can I put a shameless plug in there, too? You have something that
you can give us or by
as far as data so like, it’s like I’m not like affiliated, like, they don’t pay me money, but they should.
Like scooters for me. Yeah,
exactly. So the reader body app is total data privacy. So it gives you like, you it gives you the option to create like Cloud backups and things that are encrypted and blah, blah, they can sell your, your data. But you don’t have to, you can have the data just on your phone, like and create like regular backups, like as a file on your phone. Nothing like goes to anybody
yelling in the notes. And we will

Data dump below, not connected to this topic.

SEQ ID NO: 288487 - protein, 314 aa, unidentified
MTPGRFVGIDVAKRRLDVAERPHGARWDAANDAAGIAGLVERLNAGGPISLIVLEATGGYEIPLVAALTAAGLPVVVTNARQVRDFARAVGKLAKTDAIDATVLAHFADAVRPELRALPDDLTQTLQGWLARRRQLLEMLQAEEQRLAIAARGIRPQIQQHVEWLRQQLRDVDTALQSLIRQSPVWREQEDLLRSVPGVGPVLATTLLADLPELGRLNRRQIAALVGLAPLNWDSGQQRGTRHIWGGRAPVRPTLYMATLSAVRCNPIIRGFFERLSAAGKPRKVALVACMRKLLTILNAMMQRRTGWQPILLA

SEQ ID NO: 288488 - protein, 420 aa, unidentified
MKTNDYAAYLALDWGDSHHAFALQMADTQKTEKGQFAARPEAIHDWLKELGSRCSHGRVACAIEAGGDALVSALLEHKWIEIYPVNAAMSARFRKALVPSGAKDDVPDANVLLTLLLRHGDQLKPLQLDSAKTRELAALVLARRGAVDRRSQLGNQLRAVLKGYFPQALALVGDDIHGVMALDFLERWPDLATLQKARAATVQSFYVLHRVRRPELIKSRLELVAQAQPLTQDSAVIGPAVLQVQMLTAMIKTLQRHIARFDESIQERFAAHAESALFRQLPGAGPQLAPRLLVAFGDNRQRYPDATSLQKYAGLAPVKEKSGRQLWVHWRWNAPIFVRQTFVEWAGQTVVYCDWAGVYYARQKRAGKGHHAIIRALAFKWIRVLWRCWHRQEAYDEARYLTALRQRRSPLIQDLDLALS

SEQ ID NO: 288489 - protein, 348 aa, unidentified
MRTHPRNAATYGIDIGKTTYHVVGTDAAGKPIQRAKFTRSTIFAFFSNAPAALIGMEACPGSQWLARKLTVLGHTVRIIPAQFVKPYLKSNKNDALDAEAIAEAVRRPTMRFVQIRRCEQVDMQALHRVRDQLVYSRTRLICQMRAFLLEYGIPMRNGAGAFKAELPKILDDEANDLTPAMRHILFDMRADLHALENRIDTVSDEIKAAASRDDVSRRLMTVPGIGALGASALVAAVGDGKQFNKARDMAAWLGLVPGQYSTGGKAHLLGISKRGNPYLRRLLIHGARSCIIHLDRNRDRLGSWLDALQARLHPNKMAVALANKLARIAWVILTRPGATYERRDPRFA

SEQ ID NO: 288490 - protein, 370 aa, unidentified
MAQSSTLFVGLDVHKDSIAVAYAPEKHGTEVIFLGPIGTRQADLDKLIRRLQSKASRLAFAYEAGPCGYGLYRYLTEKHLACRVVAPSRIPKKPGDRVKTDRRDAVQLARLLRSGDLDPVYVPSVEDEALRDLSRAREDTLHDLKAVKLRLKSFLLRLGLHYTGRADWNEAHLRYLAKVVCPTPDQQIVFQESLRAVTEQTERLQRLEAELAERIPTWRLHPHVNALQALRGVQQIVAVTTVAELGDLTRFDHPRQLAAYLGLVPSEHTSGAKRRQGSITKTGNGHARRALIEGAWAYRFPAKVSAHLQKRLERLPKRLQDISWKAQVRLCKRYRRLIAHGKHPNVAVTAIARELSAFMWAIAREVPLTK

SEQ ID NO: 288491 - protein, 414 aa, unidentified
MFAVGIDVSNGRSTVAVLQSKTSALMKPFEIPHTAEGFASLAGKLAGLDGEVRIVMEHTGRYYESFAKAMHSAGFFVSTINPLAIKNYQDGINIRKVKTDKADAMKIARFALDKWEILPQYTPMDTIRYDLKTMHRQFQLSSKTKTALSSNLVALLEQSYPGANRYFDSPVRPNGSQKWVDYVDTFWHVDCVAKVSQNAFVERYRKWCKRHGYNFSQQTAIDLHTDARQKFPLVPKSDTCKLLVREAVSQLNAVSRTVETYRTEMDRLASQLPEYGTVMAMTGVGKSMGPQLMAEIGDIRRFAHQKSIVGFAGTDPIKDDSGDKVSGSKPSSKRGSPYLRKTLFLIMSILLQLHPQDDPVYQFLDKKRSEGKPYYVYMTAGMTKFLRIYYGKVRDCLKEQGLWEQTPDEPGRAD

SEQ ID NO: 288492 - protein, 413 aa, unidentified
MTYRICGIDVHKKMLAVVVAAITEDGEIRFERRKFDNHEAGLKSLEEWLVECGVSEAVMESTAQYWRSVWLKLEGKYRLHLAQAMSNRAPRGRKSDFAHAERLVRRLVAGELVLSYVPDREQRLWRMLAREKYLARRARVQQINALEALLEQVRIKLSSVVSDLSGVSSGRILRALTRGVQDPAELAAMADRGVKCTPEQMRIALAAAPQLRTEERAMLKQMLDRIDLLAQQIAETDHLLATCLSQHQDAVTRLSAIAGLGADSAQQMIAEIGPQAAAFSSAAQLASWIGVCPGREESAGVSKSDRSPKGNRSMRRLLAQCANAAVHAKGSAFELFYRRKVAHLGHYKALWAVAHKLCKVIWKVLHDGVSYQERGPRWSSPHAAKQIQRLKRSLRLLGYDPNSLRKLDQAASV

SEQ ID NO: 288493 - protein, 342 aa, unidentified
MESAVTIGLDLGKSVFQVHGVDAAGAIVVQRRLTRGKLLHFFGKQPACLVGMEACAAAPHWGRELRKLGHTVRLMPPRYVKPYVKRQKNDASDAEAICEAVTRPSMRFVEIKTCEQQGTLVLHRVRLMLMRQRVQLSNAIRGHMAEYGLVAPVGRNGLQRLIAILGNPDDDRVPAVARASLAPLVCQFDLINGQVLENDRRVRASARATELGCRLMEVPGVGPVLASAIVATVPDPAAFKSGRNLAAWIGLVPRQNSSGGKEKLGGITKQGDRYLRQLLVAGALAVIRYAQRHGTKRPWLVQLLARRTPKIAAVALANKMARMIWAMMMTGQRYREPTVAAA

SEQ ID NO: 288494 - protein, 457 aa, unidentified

Yeah, for my clients, and they can get three free months of trial. But you can also get like a 30-day like trial when you just sign up regularly. I love paper, I have used paper charts and love paper Charles I have like all template that, you know, I made for myself, really and now share it with my clients. So but yeah, maybe more on that in the next episode.
Perfect. So how do you So you mentioned there’s pre ovulation and post ovulation. And then ovulation is not the most obvious but during ovulation is there in there’s different hormones for every segment of your cycle? Correct? Yes. So with ovulation that’s from what I understand. That’s like your feel-good week, like it’s your goddess week that you’re feeling like I’m some hot shit today. Goddess energy?